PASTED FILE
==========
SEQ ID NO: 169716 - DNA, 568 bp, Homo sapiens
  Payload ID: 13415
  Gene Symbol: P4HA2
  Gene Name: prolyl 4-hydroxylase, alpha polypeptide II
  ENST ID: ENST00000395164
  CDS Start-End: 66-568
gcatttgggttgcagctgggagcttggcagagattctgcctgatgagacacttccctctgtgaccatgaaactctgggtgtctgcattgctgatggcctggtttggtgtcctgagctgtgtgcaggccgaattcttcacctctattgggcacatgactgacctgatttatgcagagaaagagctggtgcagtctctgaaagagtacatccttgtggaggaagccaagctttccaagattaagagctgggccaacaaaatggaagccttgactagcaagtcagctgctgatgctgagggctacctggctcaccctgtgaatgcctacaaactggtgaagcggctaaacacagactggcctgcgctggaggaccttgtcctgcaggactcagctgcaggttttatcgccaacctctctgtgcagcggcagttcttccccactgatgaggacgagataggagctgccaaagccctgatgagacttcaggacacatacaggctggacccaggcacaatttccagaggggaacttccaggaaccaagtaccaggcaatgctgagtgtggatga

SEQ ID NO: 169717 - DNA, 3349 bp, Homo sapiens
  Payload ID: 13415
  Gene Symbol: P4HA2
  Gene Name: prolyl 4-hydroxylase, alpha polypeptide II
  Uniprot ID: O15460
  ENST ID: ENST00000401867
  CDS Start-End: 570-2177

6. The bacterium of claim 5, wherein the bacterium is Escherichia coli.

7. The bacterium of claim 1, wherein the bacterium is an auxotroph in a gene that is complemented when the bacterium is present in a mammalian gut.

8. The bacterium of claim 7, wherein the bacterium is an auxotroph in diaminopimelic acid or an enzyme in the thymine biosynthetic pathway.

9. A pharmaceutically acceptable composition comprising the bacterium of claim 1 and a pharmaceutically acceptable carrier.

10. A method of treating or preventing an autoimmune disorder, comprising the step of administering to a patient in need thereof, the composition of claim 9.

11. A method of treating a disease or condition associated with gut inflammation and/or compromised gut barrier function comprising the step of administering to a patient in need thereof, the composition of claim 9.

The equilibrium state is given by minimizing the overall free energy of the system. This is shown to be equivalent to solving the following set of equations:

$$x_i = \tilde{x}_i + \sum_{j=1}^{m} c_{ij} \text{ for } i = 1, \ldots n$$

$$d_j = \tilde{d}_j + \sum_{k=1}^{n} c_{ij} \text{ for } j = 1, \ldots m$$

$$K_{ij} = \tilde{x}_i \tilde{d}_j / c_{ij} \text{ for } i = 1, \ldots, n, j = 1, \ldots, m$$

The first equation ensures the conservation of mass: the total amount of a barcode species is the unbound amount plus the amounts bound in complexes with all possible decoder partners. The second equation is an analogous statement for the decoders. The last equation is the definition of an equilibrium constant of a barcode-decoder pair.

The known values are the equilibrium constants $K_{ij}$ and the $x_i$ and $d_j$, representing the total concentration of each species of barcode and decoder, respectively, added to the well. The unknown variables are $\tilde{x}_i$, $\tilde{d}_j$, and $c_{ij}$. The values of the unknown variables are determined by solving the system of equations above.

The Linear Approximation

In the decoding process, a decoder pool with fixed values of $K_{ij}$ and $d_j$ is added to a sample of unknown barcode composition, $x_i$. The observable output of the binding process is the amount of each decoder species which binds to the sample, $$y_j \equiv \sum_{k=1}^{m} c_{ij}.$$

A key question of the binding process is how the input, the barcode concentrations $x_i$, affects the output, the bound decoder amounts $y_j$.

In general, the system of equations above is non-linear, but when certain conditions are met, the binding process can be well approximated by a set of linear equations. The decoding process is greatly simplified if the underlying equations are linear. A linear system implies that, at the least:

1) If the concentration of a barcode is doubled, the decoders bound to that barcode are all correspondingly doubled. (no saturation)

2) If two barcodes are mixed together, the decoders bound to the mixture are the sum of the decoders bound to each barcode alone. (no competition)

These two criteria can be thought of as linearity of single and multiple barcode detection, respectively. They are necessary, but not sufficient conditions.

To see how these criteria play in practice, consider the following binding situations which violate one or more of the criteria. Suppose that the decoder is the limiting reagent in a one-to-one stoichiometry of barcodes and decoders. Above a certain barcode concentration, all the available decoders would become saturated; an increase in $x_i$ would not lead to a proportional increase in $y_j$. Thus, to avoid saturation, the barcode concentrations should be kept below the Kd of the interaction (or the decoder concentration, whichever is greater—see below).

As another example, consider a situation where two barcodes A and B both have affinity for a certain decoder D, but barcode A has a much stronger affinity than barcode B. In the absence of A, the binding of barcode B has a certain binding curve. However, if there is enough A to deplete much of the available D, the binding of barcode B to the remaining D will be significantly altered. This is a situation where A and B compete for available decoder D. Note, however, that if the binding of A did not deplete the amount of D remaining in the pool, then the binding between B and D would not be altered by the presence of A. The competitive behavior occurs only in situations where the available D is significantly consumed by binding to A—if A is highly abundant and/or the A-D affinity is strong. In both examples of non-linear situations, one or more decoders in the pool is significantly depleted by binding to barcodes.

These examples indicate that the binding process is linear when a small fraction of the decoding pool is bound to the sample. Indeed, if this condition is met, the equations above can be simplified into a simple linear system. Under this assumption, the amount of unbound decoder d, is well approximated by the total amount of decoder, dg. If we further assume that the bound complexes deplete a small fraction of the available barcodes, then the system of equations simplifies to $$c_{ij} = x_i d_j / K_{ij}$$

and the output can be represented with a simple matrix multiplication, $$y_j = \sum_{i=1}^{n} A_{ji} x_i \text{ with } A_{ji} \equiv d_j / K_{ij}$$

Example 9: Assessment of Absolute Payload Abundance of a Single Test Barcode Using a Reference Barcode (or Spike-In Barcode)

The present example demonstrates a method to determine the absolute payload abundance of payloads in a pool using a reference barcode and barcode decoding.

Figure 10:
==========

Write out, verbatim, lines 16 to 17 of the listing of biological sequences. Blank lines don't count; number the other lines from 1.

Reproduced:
7. The bacterium of claim 1, wherein the bacterium is an auxotroph in a gene that is complemented when the bacterium is present in a mammalian gut.

8. The bacterium of claim 7, wherein the bacterium is an auxotroph in diaminopimelic acid or an enzyme in the thymine biosynthetic pathway.